In order to have a good financial life, you must know what you are working towards. People who move aimlessly through their financial lives with no clear goals or plans won’t be very likely to have a comfortable financial situation.


Setting Your Goal

There are unlimited possibilities when it comes to setting your financial goals. And no two people will have exactly the same goals. It’s a matter of personal values. What’s important to you may not be to someone else.


Just think about what is really important to you. Your family? Your goal may be paying for your kids’ college. Your home? Your goal may be renovating your current home. Your career? Your goal may be going back to school yourself. Your retirement? Your goal may be to max out your retirement plan funding.


There really isn’t any right or wrong answer here. We would suggest listing all the financial goals you currently have (don’t start saving for your kids’ college before you have one!). Once you have all your current goals written, select the 2-3 most important ones. Those are the ones you should concentrate on first. Also, be sure you know why it’s important to you that you achieve a goal. If you ask yourself that question and can’t come up with a clear answer, maybe it shouldn’t be on the list.


There may be some situations where you want to concentrate on one goal before the others. You have debt you want to pay down to free up cash flow, and then you plan on using that extra cash on another goal. Work it out however you feel comfortable with; just don’t sacrifice something that needs to be funded (like retirement).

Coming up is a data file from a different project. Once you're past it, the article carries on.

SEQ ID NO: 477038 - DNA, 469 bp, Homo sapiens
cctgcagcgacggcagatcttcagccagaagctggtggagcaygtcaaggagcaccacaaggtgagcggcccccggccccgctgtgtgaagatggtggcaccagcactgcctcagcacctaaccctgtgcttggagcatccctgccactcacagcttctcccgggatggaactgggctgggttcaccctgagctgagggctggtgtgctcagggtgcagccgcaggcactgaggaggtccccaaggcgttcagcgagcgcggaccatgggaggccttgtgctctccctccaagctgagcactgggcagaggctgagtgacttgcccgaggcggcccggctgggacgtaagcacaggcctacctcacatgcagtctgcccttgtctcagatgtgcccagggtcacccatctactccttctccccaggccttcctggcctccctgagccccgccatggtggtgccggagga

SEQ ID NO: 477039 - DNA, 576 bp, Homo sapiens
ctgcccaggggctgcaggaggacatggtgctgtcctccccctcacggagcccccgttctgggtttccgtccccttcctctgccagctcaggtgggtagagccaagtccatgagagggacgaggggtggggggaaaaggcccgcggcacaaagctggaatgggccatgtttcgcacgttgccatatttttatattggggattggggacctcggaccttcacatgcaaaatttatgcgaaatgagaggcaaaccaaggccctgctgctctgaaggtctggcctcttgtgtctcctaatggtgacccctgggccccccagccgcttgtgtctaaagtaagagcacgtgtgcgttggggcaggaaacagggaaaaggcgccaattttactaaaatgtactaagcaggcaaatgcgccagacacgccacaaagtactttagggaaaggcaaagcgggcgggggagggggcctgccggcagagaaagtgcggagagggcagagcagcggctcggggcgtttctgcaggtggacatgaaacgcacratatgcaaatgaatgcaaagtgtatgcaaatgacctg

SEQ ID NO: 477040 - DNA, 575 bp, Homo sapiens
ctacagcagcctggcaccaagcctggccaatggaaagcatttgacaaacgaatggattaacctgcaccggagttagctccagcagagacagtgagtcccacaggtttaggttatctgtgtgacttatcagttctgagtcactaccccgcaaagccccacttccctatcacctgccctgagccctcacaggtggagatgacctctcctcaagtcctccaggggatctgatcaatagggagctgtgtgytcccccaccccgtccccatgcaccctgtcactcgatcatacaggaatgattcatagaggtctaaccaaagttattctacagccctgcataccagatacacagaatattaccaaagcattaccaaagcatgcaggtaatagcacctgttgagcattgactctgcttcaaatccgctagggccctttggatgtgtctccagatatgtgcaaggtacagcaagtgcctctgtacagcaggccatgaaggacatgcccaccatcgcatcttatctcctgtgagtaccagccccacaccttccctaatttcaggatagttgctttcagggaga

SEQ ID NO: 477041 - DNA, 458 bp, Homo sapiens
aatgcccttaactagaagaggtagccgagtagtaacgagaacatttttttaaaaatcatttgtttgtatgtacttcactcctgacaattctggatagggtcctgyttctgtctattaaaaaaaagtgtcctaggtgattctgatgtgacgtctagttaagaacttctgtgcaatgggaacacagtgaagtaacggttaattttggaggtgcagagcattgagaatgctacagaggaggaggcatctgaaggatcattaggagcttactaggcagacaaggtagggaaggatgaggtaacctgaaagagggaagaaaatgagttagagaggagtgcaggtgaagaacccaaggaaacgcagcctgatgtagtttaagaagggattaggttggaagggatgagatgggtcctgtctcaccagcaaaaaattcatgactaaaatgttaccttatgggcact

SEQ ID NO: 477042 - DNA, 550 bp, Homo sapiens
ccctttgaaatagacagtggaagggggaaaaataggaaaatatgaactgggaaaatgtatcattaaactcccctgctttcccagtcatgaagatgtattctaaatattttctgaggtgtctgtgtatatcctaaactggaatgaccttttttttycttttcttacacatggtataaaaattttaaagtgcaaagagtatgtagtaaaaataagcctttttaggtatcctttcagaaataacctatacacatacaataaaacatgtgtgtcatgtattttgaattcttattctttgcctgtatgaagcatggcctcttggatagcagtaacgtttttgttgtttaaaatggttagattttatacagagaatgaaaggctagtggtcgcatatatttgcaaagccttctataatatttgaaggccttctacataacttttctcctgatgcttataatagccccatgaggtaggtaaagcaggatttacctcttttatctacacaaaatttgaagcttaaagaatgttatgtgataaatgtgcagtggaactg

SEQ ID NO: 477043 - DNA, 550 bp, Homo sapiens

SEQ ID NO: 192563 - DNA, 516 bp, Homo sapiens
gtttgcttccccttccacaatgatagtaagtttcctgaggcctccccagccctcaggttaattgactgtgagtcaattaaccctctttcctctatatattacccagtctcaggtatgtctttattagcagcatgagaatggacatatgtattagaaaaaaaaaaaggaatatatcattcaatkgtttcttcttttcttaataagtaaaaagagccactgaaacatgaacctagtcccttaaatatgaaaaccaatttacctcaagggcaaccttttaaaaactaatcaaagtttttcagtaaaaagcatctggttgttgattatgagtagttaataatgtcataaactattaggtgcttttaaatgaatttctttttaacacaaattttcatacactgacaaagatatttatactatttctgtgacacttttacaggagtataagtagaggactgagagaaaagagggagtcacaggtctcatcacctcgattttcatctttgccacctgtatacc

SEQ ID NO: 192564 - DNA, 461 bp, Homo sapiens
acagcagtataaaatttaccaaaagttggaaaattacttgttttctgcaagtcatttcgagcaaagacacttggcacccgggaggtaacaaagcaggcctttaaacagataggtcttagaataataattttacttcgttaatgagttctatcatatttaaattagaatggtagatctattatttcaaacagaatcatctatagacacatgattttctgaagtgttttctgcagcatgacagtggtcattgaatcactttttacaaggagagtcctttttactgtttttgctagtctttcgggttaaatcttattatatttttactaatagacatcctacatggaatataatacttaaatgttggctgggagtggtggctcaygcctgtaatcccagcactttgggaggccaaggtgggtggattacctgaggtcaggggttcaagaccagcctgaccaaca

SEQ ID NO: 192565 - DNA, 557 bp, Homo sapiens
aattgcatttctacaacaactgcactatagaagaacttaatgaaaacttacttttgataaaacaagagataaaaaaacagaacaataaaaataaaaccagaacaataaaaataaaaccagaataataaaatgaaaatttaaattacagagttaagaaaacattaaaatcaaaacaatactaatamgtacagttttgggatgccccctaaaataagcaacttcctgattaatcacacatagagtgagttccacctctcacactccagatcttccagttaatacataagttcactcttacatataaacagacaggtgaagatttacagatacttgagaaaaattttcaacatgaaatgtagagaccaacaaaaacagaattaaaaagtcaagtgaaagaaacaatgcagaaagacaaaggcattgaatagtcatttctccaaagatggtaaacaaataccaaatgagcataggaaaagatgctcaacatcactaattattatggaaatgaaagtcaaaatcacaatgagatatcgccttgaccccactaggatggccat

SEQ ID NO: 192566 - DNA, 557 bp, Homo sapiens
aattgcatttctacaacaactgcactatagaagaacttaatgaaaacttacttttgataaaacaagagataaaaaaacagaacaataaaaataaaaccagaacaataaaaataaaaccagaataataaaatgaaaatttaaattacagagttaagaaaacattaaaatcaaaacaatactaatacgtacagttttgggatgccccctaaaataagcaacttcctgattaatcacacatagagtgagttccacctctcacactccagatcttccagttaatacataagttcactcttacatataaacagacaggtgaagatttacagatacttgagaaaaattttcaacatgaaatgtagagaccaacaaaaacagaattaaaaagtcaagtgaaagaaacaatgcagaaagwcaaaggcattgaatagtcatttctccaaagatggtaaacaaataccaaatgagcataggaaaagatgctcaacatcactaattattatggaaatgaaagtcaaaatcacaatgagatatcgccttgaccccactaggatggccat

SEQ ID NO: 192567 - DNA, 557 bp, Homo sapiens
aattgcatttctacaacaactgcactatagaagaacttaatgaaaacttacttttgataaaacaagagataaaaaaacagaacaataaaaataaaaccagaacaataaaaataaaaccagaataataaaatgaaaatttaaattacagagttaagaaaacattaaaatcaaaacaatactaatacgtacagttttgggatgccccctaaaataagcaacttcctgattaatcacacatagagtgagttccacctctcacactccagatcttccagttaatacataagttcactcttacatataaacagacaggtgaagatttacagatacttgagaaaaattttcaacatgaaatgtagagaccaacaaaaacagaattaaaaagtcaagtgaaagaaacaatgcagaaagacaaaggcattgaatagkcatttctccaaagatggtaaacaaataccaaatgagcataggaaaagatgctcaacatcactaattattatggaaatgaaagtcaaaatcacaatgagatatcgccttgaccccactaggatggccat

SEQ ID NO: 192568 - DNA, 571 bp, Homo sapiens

When you prioritize your goals, it shouldn’t necessarily be by the date you want it completed by. People often want to save for their kids’ education and their own retirement, so they will focus on college funding because it will come to pass first, when in reality the more important of the two goals is retirement. Between a choice of having your kids’ college paid for or having to have their support for 30-40 years in your retirement, which one would you choose (and which would your kids prefer)?



Having “financial independence” in retirement is a goal we often see people set. This usually means not having to rely on any one but yourself for your financial needs, typically with no debt and enough savings/investments to take care of all your needs. It’s a great goal to have, probably one that many people should have, and it’s never to soon to start on it.


If you’re 22, just out of college, with nothing to your name, you probably have big goals in mind, which is great! But don’t forget about the future, even if retirement seems so far away. Start funding a retirement account right away, as much as you can, and it will make a huge impact on your financial situation down the road.


Moving Forward

Once you decide what your most important goals are, you have to decide what to do about them. It probably won’t be easy, and may require cutting back elsewhere. If you’re saving for something, you’ll need to decide how much it’s likely to cost and when you want it to happen by, and save accordingly. That may seem simplistic, but once you have decided exactly what you want and even have it written down somewhere, it’ll be much easier to move forward.